(In front of the Gate)
From 8:30am, 25 people resumed the sit-in including 4 young workers from a welfare facility in Kyoto and some Taiwanese. Mr. H who is learning Japanese told us that “I do not understand much Japanese, but I support your action. I hope that the outcome on 24th will be good to you”.
Three times today from the morning through the afternoon, 376 deliveries in total were made.
(On the sea in Oura Bay)
One boat and 7 canoes were out on the sea to protest. Construction of N4 seawall seemed almost completed. The picture shows vehicles travelling on N4 seawall.
(In front of Ryukyu Cement Pier)
The day of the Saturday Intensive Action. Many participants were from Kyoto and Kanagawa, and Ryukyu University Students. The number of participants reached approximately 150 which was much larger than the usual. The larger number of participants seemed to have irritated the riot police, who became more forceful to pull out the protestors in order to secure the pathway for trucks, and pushed down a 77 year old woman to the road. She hit the back of her head hard and was transported by an ambulance. She was reported to require a month for full recovery.
Three dump trucks on their way to the Pier turned back, and the deliveries were stopped, but resumed in the afternoon and continued to past 5:00pm.
(On the sea by the Pier in Awa)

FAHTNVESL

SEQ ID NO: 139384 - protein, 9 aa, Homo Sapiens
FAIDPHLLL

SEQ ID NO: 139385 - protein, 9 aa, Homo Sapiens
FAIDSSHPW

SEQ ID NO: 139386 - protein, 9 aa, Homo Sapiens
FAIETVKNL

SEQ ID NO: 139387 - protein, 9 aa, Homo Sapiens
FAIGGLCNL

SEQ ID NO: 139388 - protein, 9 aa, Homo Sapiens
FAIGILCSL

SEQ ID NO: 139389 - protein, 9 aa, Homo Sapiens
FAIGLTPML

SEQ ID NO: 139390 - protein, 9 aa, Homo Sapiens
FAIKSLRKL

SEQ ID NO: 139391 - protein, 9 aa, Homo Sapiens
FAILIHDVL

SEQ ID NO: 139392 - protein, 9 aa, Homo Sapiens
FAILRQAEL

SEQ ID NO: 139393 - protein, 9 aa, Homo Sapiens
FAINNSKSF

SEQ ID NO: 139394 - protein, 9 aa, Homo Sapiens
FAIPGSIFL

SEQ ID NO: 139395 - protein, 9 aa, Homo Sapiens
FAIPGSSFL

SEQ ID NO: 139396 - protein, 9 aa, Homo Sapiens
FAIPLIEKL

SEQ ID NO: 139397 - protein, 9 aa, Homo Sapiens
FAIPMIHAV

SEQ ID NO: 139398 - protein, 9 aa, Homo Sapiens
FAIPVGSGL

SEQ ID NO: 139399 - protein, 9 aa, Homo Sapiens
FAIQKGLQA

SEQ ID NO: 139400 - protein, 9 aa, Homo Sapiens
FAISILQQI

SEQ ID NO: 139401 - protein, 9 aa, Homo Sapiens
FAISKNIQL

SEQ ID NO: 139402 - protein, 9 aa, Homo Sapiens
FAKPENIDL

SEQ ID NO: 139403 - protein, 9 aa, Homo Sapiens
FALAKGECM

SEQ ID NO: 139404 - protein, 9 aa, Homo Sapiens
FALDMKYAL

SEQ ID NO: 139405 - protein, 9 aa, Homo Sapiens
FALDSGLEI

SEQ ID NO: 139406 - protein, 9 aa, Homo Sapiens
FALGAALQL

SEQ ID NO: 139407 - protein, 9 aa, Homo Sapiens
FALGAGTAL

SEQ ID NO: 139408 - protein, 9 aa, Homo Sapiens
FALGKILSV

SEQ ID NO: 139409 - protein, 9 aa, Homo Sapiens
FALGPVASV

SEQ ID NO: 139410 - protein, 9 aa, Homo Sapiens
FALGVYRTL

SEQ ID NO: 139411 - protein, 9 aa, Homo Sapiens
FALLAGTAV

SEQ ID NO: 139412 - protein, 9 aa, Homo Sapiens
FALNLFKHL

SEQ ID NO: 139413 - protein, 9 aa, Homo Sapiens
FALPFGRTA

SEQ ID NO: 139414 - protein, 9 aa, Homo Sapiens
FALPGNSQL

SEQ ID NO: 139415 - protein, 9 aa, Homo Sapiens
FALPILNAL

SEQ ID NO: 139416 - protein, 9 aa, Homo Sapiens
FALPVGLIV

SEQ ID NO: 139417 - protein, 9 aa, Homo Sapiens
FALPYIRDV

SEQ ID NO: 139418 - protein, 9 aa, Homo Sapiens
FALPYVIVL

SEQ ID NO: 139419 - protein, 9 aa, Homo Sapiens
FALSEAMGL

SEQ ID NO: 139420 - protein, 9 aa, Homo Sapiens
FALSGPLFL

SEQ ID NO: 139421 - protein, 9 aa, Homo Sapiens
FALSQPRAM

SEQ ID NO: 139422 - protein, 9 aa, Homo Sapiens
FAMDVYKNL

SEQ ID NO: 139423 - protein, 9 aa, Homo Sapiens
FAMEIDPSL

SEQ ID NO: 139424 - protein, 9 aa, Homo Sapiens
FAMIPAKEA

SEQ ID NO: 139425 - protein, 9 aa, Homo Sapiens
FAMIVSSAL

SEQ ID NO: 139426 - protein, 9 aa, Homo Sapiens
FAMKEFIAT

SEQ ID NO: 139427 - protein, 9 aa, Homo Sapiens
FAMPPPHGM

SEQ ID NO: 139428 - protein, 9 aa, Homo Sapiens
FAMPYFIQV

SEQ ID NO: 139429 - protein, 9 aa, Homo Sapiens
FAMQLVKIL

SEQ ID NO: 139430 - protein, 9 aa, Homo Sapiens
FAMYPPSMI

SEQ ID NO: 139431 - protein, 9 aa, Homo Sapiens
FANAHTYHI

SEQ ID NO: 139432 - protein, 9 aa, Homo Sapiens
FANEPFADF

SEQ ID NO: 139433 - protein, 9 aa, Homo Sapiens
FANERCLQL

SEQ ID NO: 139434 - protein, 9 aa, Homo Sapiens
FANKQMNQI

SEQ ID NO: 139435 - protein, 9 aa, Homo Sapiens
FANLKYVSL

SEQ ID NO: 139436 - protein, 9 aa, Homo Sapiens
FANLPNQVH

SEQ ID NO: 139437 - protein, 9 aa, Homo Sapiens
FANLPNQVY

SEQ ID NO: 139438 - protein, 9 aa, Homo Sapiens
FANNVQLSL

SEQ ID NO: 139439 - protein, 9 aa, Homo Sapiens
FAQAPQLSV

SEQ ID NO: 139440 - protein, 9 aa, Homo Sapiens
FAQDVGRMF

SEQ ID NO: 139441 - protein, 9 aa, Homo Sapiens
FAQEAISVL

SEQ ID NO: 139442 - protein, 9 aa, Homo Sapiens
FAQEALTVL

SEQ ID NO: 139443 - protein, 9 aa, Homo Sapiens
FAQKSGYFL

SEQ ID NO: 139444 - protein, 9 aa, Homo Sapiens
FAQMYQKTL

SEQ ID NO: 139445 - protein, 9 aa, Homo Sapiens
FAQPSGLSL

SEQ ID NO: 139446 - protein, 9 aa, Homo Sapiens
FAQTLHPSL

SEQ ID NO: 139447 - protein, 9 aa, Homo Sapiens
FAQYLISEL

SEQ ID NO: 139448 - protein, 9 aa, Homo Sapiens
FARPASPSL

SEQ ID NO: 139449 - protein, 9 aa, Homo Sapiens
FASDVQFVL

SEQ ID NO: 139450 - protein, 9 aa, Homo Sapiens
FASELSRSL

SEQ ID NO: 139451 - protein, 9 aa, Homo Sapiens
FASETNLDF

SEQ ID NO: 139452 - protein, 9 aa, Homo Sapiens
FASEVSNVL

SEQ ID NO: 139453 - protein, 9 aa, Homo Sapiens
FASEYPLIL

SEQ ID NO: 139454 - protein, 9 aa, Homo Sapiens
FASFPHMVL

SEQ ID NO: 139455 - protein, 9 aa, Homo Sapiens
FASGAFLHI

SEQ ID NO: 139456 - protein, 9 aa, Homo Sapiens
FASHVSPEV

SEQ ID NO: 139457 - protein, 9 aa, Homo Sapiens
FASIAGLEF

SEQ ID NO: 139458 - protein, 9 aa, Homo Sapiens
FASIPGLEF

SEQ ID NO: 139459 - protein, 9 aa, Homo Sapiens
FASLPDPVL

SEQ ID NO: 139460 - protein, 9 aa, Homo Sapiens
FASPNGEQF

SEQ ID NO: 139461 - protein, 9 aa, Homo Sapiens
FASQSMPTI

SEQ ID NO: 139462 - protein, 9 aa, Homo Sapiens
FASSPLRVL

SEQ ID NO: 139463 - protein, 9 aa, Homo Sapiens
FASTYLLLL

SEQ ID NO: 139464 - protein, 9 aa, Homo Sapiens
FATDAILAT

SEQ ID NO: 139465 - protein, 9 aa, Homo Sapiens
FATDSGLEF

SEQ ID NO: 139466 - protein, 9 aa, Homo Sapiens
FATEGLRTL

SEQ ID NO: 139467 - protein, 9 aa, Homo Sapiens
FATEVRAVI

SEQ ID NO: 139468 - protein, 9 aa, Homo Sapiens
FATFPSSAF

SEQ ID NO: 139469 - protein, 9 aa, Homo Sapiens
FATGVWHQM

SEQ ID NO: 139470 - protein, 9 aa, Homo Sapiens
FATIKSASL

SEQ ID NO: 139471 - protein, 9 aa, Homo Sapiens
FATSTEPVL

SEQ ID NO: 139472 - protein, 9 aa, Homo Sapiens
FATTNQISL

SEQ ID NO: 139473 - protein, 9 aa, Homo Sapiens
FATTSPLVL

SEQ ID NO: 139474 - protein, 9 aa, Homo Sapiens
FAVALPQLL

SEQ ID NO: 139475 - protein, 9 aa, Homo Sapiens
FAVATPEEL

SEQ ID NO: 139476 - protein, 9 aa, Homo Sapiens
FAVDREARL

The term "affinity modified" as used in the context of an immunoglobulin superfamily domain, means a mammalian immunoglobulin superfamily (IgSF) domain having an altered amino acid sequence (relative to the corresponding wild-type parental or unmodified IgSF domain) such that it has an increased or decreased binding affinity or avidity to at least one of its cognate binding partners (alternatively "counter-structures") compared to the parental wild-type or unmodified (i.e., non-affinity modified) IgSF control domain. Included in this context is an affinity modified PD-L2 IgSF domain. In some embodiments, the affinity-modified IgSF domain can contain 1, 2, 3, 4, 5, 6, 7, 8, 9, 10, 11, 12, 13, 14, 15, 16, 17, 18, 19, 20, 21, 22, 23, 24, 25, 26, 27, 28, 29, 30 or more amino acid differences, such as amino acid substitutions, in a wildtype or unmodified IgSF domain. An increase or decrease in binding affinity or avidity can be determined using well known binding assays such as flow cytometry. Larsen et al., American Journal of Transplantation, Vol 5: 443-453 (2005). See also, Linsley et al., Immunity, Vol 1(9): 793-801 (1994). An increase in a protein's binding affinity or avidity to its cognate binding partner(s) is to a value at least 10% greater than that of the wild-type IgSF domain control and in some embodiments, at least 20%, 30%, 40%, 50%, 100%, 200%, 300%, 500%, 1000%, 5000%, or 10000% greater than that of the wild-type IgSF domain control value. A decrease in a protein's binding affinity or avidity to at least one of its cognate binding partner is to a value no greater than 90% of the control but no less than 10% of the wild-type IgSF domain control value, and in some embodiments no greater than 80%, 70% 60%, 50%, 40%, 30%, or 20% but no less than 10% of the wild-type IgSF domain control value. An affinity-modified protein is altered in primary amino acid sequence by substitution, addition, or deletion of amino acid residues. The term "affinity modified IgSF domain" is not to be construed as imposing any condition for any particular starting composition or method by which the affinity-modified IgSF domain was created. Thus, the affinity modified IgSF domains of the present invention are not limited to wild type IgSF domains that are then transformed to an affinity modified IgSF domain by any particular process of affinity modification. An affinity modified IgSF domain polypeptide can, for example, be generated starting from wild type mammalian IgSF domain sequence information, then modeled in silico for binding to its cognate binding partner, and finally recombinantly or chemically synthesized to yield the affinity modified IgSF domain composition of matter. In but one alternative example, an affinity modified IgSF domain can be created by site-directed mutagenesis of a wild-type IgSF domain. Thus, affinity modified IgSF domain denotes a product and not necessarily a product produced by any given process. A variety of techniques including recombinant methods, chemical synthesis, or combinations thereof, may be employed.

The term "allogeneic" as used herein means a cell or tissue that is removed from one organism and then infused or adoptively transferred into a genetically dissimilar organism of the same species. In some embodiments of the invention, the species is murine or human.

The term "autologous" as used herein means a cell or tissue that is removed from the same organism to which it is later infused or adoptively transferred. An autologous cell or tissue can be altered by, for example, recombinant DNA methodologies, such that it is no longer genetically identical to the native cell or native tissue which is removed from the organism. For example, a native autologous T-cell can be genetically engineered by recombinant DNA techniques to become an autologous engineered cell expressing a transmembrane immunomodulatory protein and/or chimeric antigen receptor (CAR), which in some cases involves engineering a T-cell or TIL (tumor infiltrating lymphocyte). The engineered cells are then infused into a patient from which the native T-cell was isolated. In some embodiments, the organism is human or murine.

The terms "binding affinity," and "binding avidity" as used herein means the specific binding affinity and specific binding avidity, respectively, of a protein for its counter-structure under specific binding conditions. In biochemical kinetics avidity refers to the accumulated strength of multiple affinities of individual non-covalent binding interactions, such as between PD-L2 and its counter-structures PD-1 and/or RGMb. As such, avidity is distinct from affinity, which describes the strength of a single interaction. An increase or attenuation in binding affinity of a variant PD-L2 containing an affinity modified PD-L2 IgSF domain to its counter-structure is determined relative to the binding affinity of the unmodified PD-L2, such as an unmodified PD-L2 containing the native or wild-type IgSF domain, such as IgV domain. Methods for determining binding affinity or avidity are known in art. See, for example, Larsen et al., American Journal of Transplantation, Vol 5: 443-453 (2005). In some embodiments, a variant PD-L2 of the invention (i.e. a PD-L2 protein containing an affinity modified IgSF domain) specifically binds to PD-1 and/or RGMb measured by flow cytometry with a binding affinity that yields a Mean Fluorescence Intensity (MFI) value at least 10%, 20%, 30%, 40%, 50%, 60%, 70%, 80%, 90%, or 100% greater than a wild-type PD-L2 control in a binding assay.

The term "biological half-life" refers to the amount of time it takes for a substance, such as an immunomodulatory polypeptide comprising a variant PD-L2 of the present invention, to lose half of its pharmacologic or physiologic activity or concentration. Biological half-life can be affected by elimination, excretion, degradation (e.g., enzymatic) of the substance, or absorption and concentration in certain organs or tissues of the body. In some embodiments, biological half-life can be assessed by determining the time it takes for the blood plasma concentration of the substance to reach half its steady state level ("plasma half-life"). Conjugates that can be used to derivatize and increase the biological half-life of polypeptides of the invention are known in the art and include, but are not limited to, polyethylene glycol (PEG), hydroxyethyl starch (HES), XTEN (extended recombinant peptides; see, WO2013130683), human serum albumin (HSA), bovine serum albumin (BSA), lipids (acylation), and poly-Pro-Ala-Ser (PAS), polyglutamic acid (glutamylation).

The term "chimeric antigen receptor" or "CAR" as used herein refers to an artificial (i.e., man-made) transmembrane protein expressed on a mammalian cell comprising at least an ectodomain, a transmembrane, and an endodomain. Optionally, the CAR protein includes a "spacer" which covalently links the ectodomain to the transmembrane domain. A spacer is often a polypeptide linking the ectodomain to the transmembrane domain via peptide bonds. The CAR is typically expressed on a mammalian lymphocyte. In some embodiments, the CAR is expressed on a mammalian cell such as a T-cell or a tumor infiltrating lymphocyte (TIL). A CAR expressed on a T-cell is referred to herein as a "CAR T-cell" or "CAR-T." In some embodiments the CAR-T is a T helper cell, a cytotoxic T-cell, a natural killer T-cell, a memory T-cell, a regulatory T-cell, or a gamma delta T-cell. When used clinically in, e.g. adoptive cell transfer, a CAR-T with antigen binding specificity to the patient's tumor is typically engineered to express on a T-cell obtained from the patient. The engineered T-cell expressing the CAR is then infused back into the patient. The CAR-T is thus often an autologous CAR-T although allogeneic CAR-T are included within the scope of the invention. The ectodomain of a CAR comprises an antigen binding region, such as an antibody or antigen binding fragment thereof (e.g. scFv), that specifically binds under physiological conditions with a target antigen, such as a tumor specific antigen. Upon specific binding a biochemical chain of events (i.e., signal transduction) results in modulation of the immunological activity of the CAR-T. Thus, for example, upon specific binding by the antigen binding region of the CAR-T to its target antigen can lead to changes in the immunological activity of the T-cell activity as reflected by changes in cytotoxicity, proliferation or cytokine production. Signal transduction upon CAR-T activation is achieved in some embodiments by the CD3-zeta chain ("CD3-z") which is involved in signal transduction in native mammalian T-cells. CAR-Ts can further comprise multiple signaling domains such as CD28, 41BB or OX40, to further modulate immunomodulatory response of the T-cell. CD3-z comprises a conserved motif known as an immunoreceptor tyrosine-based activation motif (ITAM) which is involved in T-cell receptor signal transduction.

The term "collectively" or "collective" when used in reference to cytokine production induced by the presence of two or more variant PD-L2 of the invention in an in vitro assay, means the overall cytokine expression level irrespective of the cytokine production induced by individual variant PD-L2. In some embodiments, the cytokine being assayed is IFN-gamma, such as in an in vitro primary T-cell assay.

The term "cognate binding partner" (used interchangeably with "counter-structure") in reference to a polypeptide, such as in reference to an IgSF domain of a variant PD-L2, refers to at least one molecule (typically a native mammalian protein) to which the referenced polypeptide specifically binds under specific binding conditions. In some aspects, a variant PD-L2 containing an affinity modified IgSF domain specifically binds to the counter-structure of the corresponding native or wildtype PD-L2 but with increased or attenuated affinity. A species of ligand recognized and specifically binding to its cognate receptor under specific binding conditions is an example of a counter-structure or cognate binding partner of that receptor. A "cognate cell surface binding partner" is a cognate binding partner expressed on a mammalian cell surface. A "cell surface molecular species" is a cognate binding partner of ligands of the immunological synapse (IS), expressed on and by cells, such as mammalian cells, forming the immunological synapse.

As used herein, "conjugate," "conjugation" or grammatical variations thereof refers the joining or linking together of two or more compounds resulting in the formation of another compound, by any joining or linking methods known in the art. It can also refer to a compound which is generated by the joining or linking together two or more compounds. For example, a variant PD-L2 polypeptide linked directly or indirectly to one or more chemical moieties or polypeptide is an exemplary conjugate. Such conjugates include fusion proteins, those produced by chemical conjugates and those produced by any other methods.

In order to disperse the power of the Coast Guard, the protest was conducted in two separate places; in Oura Bay and in Awa. One rubber boat and 8 canoes went out on the sea from the beach in Awa toward the Pier which is 300m away. At about 11:00am, due to the injury accident, the works were stopped for several hours, but resumed in the afternoon. Another team of canoes stayed locked to the anchoring ropes of the carrier boats and successfully delayed their departure by about 1 hour.
Mr. Robert Kajiwara, a 4th generation Japanese residing in Hawaii, who initiated the petition to the Whitehouse arrived at Kansai Airport where he was bombarded with questions for about 110 minutes while going through the immigration inspection. He insisted.
“I have come to stay in Japan several times a year. This is the first time to be treated like this. This is a harassment.” The immigration inspector questioned Mr. Kajiwara what the purpose of coming to Japan was and what events he planned to attend, if he planned to participate a protest demonstration, if he planned to go Henoko. Such questions were asked in different phrases and so many times.